Galileo Galilei (February 15, 1564 – January 8, 1642), often known mononymously as Galileo, was an Italian physicist, mathematician, astronomer, and philosopher who played a major role in the scientific revolution. His achievements include improvements to the telescope and consequent astronomical observations and support for Copernicanism. Galileo has been called the “father of modern observational astronomy”, the “father of modern physics”, the “father of science”, and “the Father of Modern Science”.
His contributions to observational astronomy include the telescopic confirmation of the phases of Venus, the discovery of the four largest satellites of Jupiter (named the Galilean moons in his honor), and the observation and analysis of sunspots. Galileo also worked in applied science and technology, inventing an improved military compass and other instruments.
Galileo’s championing of heliocentrism was controversial within his lifetime, when most subscribed to either geocentrism or the Tychonic system. He met with opposition from astronomers, who doubted heliocentrism due to the absence of an observed stellar parallax. The matter was investigated by the Roman Inquisition in 1615, which concluded that heliocentrism was false and contrary to scripture, placing works advocating the Copernican system on the index of banned books and forbidding Galileo from advocating heliocentrism. Galileo later defended his views in Dialogue Concerning the Two Chief World Systems, which appeared to attack Pope Urban VIII and thus alienated him and the Jesuits, who had both supported Galileo up until this point. He was tried by the Holy Office, then found “vehemently suspect of heresy”, was forced to recant, and spent the rest of his life under house arrest. It was while Galileo was under house arrest that he wrote one of his finest works, Two New Sciences, in which he summarized the work he had done some forty years earlier, on the two sciences now called kinematics and strength of materials.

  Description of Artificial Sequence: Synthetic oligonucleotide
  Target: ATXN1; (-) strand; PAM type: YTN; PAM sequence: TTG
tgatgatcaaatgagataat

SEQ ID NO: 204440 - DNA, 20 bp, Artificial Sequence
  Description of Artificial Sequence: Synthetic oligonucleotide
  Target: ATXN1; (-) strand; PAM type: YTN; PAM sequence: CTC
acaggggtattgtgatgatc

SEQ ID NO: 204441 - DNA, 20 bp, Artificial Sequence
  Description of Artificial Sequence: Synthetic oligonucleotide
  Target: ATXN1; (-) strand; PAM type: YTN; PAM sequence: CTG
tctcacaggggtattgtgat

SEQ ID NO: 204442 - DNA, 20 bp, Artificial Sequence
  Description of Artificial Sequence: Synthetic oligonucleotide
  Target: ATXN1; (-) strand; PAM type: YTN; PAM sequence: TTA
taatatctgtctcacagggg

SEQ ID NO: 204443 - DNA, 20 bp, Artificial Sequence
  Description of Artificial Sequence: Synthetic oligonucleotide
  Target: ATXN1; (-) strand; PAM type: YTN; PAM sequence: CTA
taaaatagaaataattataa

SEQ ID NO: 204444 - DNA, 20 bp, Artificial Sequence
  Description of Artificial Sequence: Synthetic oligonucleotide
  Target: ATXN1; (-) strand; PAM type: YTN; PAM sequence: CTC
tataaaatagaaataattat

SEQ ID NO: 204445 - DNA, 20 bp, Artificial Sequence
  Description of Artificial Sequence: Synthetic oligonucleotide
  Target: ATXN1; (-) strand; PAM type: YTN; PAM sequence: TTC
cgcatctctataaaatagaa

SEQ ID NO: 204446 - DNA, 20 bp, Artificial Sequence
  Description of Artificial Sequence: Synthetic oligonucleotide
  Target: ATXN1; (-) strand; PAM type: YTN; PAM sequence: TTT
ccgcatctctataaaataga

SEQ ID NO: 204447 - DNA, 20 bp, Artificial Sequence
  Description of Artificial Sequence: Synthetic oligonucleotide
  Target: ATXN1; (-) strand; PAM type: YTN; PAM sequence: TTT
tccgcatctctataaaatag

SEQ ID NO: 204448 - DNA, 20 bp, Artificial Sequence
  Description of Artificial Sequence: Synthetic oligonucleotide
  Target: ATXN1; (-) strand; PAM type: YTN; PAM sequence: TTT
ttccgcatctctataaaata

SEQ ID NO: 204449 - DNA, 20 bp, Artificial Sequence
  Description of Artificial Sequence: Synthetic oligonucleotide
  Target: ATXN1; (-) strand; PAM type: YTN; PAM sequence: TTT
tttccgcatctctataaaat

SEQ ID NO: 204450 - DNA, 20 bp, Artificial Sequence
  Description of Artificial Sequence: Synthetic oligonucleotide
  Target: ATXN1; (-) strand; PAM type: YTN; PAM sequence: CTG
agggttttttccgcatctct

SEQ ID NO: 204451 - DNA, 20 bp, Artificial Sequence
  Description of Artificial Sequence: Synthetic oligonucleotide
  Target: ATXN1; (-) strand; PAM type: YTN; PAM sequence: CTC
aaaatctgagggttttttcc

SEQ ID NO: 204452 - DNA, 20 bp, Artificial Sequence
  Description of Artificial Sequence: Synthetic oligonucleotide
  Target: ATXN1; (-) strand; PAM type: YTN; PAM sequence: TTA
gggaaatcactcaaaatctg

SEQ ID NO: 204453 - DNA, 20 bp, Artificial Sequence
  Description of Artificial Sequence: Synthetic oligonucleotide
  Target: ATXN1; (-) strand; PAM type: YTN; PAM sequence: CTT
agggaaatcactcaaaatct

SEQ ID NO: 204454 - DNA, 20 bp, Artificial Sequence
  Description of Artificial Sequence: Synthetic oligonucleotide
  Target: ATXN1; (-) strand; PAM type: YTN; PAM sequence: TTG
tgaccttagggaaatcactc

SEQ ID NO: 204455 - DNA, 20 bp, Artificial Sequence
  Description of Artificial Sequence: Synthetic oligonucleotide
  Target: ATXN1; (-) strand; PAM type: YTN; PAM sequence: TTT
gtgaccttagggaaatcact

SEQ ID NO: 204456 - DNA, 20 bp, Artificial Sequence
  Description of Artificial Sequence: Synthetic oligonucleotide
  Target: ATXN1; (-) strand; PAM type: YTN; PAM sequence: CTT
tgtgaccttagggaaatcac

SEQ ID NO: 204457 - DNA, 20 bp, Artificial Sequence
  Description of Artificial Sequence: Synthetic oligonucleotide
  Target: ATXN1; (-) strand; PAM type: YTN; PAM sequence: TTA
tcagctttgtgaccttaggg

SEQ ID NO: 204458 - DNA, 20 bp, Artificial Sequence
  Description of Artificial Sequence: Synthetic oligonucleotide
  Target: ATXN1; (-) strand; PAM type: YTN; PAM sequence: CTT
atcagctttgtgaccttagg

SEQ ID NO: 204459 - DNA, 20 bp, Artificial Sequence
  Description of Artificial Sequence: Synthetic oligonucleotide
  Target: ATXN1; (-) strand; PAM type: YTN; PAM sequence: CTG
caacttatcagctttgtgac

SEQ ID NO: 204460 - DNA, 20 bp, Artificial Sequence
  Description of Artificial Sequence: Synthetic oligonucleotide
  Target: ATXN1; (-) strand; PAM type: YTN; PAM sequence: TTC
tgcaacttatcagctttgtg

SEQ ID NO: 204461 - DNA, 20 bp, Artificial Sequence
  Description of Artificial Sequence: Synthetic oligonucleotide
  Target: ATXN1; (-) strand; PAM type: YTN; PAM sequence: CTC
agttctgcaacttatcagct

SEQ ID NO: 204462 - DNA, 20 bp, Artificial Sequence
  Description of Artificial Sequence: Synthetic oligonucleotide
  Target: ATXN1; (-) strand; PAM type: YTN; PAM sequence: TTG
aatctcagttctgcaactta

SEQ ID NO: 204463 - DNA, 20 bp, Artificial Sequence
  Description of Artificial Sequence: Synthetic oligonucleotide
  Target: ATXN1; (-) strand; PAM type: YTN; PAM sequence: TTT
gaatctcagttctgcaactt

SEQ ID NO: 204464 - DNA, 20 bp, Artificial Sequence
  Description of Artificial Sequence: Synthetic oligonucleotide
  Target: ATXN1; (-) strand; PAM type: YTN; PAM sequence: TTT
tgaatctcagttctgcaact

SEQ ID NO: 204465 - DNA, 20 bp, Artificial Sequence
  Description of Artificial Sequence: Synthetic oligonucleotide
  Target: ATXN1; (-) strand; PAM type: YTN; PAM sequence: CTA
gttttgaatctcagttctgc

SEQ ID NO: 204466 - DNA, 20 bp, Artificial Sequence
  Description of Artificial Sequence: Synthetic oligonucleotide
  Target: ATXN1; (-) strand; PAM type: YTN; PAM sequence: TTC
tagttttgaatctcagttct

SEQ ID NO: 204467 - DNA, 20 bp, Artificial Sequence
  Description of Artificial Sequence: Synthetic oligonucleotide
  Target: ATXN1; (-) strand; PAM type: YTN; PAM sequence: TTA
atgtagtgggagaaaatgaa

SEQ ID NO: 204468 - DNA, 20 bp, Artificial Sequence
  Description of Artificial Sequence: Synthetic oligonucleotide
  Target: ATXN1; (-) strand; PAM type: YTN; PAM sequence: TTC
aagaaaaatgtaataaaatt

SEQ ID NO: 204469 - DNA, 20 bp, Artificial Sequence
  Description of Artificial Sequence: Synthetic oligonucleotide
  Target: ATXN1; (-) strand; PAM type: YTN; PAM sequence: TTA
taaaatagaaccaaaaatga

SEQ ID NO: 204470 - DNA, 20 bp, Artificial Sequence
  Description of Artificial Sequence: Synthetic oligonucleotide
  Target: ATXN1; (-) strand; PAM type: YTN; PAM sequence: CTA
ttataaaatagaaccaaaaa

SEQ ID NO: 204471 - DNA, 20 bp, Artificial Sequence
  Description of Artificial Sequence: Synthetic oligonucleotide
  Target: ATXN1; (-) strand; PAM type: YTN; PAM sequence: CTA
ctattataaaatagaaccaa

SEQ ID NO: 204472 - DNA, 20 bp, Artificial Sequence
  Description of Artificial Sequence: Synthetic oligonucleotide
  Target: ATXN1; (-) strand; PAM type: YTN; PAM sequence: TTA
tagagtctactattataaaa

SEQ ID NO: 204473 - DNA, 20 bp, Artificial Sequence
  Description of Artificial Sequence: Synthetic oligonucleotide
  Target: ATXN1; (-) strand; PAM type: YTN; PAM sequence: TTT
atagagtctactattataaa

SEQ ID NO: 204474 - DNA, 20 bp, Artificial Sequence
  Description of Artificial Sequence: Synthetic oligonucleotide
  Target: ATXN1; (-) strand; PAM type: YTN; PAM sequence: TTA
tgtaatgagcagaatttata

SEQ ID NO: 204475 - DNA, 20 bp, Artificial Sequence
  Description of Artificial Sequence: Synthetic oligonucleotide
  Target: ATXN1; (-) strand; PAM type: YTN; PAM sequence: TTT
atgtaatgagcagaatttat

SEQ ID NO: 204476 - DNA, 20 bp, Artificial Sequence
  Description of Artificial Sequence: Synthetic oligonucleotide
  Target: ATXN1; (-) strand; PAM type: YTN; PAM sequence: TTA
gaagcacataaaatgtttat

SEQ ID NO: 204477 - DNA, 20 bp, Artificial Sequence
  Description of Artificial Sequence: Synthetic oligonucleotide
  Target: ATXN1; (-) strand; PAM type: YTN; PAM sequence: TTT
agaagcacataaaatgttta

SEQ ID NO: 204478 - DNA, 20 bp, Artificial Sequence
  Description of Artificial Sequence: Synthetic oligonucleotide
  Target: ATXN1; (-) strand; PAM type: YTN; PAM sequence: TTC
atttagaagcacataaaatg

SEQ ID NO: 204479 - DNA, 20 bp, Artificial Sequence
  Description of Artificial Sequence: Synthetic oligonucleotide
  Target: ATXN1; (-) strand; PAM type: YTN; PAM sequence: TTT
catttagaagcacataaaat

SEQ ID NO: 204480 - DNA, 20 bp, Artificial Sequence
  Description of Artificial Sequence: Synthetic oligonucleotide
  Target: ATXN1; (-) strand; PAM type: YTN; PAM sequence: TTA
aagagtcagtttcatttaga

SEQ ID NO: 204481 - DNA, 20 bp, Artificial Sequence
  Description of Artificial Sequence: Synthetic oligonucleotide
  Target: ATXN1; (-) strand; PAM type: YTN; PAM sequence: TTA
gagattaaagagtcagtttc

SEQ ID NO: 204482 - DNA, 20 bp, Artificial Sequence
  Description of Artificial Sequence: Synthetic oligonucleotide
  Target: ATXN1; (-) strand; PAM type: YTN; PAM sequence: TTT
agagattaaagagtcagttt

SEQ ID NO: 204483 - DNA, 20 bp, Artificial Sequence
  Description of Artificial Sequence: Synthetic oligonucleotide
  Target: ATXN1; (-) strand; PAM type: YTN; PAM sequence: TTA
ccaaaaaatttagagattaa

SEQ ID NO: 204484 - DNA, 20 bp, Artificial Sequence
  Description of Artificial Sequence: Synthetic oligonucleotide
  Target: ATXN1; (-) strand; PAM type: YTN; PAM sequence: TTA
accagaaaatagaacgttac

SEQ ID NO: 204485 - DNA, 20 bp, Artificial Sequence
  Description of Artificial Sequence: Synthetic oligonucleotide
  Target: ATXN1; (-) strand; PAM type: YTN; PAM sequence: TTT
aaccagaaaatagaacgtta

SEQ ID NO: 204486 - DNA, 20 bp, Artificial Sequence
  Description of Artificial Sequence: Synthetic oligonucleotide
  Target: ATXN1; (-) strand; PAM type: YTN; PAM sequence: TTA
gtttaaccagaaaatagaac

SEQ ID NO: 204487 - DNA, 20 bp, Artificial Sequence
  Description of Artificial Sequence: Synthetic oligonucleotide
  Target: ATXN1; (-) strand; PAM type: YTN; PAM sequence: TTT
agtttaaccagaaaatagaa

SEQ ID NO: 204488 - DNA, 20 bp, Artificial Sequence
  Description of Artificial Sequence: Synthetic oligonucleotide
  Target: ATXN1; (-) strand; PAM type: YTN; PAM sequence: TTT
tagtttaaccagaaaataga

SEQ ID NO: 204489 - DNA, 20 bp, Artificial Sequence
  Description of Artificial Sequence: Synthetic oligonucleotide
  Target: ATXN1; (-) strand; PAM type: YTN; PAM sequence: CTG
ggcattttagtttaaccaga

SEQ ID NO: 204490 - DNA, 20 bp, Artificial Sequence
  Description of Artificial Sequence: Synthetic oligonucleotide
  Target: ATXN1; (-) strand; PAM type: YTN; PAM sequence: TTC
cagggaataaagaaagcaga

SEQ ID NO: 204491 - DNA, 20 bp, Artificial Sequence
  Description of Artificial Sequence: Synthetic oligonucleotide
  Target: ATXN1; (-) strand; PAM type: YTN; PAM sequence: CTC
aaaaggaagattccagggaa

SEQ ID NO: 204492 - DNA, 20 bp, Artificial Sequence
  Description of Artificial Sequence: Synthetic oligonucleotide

According to Stephen Hawking, Galileo probably bears more of the responsibility for the birth of modern science than anybody else, and Albert Einstein called him the father of modern science.